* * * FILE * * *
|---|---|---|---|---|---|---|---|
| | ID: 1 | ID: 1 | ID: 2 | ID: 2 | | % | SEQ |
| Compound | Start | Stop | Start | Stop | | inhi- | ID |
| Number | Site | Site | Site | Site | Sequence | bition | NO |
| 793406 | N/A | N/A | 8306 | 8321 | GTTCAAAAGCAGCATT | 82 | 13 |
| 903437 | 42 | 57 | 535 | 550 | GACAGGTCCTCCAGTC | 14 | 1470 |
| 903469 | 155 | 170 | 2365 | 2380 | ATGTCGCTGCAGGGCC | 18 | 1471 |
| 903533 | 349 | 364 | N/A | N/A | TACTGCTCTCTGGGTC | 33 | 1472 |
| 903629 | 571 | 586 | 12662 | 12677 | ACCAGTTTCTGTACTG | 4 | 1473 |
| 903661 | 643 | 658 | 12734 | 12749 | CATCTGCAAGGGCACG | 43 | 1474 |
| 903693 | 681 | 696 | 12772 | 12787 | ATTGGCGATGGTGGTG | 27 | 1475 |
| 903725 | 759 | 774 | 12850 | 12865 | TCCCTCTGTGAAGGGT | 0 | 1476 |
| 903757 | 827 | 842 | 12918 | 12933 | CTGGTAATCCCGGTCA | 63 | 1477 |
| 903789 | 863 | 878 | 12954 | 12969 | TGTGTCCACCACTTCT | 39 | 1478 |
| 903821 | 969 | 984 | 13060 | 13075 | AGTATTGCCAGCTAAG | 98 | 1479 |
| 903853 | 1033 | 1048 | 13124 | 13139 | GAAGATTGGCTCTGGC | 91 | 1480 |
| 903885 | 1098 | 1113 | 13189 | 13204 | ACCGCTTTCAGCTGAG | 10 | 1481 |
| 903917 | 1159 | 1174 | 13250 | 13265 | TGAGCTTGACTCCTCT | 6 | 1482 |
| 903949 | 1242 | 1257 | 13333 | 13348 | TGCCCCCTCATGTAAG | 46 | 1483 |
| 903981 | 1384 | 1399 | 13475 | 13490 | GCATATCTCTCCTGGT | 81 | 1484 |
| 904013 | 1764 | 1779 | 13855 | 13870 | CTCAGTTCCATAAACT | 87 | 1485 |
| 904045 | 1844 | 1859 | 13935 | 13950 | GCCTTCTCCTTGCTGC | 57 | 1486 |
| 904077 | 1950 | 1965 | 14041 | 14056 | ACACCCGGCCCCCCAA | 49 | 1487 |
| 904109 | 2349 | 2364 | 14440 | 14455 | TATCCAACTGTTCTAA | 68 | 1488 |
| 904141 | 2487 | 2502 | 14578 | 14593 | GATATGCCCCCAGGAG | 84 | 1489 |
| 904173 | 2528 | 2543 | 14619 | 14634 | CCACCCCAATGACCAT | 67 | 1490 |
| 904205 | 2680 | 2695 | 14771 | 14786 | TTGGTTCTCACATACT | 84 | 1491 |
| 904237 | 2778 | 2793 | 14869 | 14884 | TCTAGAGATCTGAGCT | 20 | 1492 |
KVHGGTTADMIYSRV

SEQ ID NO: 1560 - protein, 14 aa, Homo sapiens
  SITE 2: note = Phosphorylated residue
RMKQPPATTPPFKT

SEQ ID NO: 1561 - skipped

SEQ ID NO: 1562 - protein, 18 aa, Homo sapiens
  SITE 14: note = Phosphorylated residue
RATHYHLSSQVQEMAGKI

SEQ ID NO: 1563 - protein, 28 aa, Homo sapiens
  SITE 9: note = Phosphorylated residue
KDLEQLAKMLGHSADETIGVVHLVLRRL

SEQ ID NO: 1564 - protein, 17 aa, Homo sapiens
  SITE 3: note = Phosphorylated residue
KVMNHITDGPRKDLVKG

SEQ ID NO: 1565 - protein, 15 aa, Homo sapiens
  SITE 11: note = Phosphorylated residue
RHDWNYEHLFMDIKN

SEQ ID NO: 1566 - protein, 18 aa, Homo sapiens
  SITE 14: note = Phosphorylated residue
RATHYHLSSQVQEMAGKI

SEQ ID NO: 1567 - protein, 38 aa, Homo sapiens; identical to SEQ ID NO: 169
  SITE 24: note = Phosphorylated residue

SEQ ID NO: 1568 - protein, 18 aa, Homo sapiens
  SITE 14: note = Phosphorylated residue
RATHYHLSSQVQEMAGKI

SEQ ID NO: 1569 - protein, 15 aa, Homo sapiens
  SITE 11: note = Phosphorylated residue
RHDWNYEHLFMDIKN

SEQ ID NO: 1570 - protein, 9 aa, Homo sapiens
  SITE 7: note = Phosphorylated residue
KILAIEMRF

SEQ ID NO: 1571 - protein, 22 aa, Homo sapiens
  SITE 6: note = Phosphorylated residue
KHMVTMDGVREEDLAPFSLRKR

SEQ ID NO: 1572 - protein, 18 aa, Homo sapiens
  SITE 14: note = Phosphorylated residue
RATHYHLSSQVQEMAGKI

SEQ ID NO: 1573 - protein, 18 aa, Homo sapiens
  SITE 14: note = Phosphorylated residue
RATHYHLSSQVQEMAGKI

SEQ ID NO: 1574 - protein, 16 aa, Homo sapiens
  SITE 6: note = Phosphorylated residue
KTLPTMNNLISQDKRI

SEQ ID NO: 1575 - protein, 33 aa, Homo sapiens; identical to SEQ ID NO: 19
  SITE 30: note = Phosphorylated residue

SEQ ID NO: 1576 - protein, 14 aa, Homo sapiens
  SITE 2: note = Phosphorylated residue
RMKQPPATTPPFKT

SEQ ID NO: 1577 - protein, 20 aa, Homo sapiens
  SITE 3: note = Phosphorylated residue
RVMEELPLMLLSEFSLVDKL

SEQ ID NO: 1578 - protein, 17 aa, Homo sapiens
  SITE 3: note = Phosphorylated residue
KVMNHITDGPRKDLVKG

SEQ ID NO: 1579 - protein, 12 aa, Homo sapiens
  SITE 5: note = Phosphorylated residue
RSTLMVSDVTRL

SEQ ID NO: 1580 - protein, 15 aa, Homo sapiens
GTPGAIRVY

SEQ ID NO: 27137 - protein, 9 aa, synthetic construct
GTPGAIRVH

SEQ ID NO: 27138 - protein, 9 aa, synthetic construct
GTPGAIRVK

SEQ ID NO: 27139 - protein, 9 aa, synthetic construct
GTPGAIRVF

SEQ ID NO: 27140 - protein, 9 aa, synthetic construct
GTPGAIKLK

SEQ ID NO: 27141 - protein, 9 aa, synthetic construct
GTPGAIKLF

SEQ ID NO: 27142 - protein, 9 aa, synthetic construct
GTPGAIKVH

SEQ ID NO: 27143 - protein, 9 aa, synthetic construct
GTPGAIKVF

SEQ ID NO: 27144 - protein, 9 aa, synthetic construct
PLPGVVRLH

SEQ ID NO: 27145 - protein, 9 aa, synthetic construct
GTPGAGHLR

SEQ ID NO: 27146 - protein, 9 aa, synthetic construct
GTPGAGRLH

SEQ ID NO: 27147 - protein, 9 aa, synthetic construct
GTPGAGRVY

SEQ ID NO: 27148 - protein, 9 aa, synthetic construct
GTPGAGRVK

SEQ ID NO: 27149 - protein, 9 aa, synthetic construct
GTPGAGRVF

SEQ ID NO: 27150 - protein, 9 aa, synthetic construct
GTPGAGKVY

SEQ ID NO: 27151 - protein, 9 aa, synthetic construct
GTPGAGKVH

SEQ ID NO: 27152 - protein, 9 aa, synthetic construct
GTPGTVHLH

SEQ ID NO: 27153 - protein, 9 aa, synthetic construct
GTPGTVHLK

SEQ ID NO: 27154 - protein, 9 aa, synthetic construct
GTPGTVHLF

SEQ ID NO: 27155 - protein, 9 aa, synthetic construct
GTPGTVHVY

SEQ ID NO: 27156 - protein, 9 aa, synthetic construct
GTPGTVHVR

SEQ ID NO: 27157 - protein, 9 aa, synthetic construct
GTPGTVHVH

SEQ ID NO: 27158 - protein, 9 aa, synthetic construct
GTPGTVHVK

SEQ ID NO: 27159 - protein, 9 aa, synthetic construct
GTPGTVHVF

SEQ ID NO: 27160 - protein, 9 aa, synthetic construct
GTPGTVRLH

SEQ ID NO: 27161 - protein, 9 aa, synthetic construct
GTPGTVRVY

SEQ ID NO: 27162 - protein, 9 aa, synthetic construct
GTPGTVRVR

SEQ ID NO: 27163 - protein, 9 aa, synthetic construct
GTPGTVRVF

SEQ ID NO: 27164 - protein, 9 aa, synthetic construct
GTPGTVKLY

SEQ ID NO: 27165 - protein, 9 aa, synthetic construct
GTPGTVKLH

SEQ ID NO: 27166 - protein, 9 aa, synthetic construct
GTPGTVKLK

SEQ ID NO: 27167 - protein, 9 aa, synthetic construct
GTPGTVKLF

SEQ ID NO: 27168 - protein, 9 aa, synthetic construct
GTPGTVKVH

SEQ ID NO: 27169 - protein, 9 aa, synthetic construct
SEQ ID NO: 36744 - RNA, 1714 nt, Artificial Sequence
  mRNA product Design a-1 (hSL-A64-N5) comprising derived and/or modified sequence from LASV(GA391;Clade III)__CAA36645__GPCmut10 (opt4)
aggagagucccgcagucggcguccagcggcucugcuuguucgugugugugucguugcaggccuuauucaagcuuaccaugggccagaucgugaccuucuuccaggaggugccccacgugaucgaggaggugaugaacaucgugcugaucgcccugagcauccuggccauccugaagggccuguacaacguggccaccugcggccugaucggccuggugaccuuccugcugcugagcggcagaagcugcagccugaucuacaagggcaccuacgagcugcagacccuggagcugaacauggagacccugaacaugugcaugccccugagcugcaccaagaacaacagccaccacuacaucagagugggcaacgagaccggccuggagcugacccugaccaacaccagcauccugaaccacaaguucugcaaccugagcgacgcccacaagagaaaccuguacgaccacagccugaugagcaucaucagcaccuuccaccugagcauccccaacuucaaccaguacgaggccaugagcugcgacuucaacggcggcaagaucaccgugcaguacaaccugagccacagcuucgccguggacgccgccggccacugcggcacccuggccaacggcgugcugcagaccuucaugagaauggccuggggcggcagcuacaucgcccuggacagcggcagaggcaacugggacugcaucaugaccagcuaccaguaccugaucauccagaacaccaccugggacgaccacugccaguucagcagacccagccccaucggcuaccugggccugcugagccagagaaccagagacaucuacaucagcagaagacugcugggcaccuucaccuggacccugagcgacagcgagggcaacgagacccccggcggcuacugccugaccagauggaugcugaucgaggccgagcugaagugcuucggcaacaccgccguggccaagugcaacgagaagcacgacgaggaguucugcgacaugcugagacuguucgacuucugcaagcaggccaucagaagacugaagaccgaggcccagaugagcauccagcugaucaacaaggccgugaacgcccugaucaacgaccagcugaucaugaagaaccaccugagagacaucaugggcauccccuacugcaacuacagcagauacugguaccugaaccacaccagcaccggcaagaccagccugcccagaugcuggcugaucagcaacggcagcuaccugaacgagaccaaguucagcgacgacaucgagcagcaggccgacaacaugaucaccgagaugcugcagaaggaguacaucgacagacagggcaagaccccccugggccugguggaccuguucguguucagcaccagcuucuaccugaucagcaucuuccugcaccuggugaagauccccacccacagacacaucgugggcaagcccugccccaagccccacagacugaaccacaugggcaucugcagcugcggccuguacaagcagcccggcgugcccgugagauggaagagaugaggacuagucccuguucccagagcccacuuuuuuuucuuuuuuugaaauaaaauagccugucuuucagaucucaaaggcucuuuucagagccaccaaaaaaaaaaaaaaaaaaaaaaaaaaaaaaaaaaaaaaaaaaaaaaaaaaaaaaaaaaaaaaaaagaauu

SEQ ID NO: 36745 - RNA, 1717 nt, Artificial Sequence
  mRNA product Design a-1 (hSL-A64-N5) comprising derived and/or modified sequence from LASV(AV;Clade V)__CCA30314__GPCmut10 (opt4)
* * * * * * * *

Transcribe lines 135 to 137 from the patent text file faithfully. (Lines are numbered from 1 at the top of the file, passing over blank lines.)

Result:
GTPGTVRLH

SEQ ID NO: 27161 - protein, 9 aa, synthetic construct
GTPGTVRVY